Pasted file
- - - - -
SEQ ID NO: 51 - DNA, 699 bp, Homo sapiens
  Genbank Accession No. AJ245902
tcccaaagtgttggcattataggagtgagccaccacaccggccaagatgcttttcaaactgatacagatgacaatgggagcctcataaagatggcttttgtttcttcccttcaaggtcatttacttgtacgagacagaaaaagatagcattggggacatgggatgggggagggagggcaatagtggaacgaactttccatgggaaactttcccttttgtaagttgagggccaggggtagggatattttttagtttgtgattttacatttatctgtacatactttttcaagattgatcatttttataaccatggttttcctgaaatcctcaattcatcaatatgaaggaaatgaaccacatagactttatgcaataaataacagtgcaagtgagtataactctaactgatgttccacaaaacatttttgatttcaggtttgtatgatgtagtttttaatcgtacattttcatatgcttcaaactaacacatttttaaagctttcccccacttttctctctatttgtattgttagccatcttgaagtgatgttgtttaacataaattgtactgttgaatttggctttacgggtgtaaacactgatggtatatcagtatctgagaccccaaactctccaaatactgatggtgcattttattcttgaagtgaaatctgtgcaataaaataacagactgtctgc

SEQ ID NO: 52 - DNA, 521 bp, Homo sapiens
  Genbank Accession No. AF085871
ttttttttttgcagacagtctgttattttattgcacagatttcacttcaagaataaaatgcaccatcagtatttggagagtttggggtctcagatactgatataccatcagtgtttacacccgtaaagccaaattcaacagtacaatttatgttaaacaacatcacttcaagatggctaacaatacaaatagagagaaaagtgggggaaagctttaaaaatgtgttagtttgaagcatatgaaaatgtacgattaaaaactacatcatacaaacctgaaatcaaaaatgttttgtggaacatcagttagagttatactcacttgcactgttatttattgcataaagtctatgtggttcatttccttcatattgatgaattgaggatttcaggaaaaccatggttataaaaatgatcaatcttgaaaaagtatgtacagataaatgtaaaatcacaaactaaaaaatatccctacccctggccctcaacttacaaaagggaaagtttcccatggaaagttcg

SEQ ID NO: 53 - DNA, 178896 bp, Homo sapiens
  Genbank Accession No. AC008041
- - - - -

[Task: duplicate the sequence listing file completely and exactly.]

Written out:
SEQ ID NO: 51 - DNA, 699 bp, Homo sapiens
  Genbank Accession No. AJ245902
tcccaaagtgttggcattataggagtgagccaccacaccggccaagatgcttttcaaactgatacagatgacaatgggagcctcataaagatggcttttgtttcttcccttcaaggtcatttacttgtacgagacagaaaaagatagcattggggacatgggatgggggagggagggcaatagtggaacgaactttccatgggaaactttcccttttgtaagttgagggccaggggtagggatattttttagtttgtgattttacatttatctgtacatactttttcaagattgatcatttttataaccatggttttcctgaaatcctcaattcatcaatatgaaggaaatgaaccacatagactttatgcaataaataacagtgcaagtgagtataactctaactgatgttccacaaaacatttttgatttcaggtttgtatgatgtagtttttaatcgtacattttcatatgcttcaaactaacacatttttaaagctttcccccacttttctctctatttgtattgttagccatcttgaagtgatgttgtttaacataaattgtactgttgaatttggctttacgggtgtaaacactgatggtatatcagtatctgagaccccaaactctccaaatactgatggtgcattttattcttgaagtgaaatctgtgcaataaaataacagactgtctgc

SEQ ID NO: 52 - DNA, 521 bp, Homo sapiens
  Genbank Accession No. AF085871
ttttttttttgcagacagtctgttattttattgcacagatttcacttcaagaataaaatgcaccatcagtatttggagagtttggggtctcagatactgatataccatcagtgtttacacccgtaaagccaaattcaacagtacaatttatgttaaacaacatcacttcaagatggctaacaatacaaatagagagaaaagtgggggaaagctttaaaaatgtgttagtttgaagcatatgaaaatgtacgattaaaaactacatcatacaaacctgaaatcaaaaatgttttgtggaacatcagttagagttatactcacttgcactgttatttattgcataaagtctatgtggttcatttccttcatattgatgaattgaggatttcaggaaaaccatggttataaaaatgatcaatcttgaaaaagtatgtacagataaatgtaaaatcacaaactaaaaaatatccctacccctggccctcaacttacaaaagggaaagtttcccatggaaagttcg

SEQ ID NO: 53 - DNA, 178896 bp, Homo sapiens
  Genbank Accession No. AC008041